Faith Ringgold. Seven Passages to a Flight. 1995. Illustrated book with nine etchings with hand additions and pochoir on linen, including cover, overall (book, closed): 9 7/16 × 7 13/16 × 13/16" (24 × 19.9 × 2 cm); overall (clamshell box, closed): 10 3/16 × 8 3/8 × 1 7/16" (25.9 × 21.3 × 3.6 cm). Brighton Press, San Diego. Brighton Press, San Diego. The Ralph E. Shikes Fund. © 2020 Faith Ringgold/Artists Rights Society (ARS), New York

In addition to making art, Faith Ringgold is an activist, teacher, speaker, and the author and illustrator of many children’s books. We invite you and your family to watch a recording of Ringgold reading her renowned book, Tar Beach. Then take a closer look at one of the artist’s woodcuts in MoMA’s collection, and make your own art inspired by her work and ideas.

Faith Ringgold reads her 1991 children’s book Tar Beach on National Public Radio

WATCH Faith Ringgold read Tar Beach

  1. Why do you think Cassie wanted to fly? Where did she go?
  2. Why was the George Washington Bridge special to Cassie?
  3. Cassie’s father wasn’t allowed to be part of a construction union, which meant he often had to look for work and be away from home. How did that make his family feel?
  4. What did Cassie dream about?
  5. Compare the activities Cassie and her family did on their tar beach to what your family does in the summer. What’s similar? What’s different?

LOOK! Take turns sharing what you notice about Tar Beach Woodcut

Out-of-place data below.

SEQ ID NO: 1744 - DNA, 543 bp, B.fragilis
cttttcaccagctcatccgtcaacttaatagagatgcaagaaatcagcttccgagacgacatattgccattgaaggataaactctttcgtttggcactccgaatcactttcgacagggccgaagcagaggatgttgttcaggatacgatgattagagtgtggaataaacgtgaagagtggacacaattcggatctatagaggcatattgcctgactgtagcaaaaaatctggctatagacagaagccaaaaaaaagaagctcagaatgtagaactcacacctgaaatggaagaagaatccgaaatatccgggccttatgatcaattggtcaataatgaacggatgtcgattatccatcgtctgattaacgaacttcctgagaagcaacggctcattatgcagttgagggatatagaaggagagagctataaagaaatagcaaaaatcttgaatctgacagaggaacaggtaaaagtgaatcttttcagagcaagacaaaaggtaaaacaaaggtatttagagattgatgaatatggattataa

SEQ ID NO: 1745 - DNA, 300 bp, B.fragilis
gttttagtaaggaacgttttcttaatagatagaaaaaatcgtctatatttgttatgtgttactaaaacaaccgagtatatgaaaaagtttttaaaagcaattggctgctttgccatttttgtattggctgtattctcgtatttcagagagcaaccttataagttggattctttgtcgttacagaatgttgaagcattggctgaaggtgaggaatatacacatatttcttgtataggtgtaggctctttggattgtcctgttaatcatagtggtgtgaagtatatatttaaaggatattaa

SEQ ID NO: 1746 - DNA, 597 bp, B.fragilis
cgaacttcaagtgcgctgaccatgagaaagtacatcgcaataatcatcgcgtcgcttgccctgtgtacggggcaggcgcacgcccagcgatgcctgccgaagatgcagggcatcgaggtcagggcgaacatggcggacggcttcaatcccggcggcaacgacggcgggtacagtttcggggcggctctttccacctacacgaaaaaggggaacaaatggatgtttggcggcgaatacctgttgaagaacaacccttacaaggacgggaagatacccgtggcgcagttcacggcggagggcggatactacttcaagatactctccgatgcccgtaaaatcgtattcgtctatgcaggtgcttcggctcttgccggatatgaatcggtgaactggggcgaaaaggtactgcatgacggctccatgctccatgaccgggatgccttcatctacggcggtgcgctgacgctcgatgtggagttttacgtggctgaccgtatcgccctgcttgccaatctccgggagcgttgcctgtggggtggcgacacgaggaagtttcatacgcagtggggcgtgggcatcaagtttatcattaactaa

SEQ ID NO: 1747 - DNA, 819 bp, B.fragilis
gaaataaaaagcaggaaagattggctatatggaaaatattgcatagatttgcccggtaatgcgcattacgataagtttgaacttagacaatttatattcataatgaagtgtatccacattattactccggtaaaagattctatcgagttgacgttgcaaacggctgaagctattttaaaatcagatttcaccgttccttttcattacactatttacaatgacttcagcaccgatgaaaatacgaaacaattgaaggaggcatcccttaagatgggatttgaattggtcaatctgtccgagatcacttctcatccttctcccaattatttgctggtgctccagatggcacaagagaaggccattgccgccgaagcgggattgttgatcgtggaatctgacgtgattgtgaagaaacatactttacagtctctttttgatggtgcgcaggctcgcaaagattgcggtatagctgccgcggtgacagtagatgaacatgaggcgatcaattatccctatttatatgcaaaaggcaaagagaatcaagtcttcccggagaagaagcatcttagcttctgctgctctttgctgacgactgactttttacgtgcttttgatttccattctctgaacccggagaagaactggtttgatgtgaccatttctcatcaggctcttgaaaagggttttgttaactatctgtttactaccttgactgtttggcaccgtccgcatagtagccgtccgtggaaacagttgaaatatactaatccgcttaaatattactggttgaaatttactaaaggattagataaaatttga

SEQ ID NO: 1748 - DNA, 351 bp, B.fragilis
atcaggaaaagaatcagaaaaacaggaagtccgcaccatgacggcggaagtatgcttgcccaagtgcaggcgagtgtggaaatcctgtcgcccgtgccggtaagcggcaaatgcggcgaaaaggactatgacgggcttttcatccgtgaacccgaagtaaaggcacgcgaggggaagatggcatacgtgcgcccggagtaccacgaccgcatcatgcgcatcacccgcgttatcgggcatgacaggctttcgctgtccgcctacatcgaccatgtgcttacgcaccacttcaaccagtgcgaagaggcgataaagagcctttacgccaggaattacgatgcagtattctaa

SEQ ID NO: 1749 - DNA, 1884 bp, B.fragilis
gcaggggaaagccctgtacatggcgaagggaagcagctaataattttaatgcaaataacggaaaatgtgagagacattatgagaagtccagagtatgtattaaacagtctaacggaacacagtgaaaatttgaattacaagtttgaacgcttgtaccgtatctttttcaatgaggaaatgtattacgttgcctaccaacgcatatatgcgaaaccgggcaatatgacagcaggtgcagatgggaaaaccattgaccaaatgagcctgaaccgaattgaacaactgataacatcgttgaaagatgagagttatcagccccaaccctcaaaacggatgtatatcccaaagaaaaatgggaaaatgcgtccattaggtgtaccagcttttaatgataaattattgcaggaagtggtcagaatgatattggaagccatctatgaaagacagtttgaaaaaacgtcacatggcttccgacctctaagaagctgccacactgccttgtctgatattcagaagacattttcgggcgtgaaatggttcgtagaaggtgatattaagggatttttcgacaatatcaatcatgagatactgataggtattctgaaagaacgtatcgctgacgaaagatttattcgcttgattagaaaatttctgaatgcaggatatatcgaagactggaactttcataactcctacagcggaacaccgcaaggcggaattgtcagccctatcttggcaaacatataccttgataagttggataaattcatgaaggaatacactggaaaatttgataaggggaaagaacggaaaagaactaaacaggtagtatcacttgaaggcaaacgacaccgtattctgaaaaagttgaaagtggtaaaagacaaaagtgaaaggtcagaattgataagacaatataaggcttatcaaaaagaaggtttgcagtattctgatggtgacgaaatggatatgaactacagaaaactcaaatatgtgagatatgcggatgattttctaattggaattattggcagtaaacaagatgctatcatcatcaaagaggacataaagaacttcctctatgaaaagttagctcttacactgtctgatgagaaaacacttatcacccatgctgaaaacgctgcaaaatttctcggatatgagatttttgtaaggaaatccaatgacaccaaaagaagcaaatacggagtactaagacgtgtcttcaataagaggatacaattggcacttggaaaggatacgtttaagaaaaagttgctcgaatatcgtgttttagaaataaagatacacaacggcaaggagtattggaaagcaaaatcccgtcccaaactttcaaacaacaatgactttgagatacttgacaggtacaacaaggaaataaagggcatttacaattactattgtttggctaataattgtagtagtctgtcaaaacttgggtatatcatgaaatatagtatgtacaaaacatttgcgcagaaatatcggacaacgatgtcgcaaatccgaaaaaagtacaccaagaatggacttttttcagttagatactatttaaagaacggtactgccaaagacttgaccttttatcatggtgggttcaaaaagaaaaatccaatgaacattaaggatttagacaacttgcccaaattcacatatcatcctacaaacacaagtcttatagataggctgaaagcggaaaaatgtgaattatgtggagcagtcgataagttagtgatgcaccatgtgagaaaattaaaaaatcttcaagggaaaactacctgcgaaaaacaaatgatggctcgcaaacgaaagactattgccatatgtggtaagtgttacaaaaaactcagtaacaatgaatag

Faith Ringgold. Tar Beach Woodcut. 1993

Faith Ringgold. Tar Beach Woodcut. 1993

  1. Imagine that you’re able to fly like Cassie. Where would you go? Why?
  2. If you could give the image a caption, what would you write?

Tar Beach Woodcut and the book Tar Beach were inspired by Faith Ringgold’s story quilt Woman on a Bridge #1 of 5: Tar Beach. The painted quilt shows Cassie Louise Lightfoot, along with her family and neighbors, on their rooftop, or tar beach. Cassie takes flight above the city, owning the buildings and bridges she flies over, as her family and neighbors eat and play cards. Ringgold saw the women in this series of artworks as “actually flying; they are just free, totally.”

CREATE a paper story quilt

Ringgold’s artwork tells stories through pictures, words, color, and texture. Share your own story through pictures and words.

Pencils, markers, or crayons
Tape or glue

  1. Think of a story or memory you would like to share. It could be something that actually happened or something you imagine (or a combination!). Decide who will be in your story—family, friends, or someone special to you.
  2. What will you show the people or characters doing? How will you show where they are?
  3. Start drawing! Add details that show the colors, patterns, and textures you might see.
  4. Using any open space on your drawing or a separate piece of paper, add words to your story quilt, as Ringgold does in Coming to Jones Road: Under a Blood Red Sky #8 from Femfolio. Briefly describe what is happening, create a poem, or tell a full story with a beginning, middle, and end.
Faith Ringgold. Coming to Jones Road: Under a Blood Red Sky #8 from Femfolio. 2009

Faith Ringgold. Coming to Jones Road: Under a Blood Red Sky #8 from Femfolio. 2009

Faith Ringgold. Seven Passages to a Flight. 1995

Faith Ringgold. Seven Passages to a Flight. 1995


  1. Create a frame for your story by cutting squares or strips of patterned paper, as Ringgold often does in her artwork. If you don’t have patterned paper, you can create your own patterns and cut them out. Arrange the pieces together with your drawing and story, then attach them with tape or glue.
  2. Share your story with a friend or family member, then post your picture to Twitter @momalearning and on Instagram with #MuseumFromHome.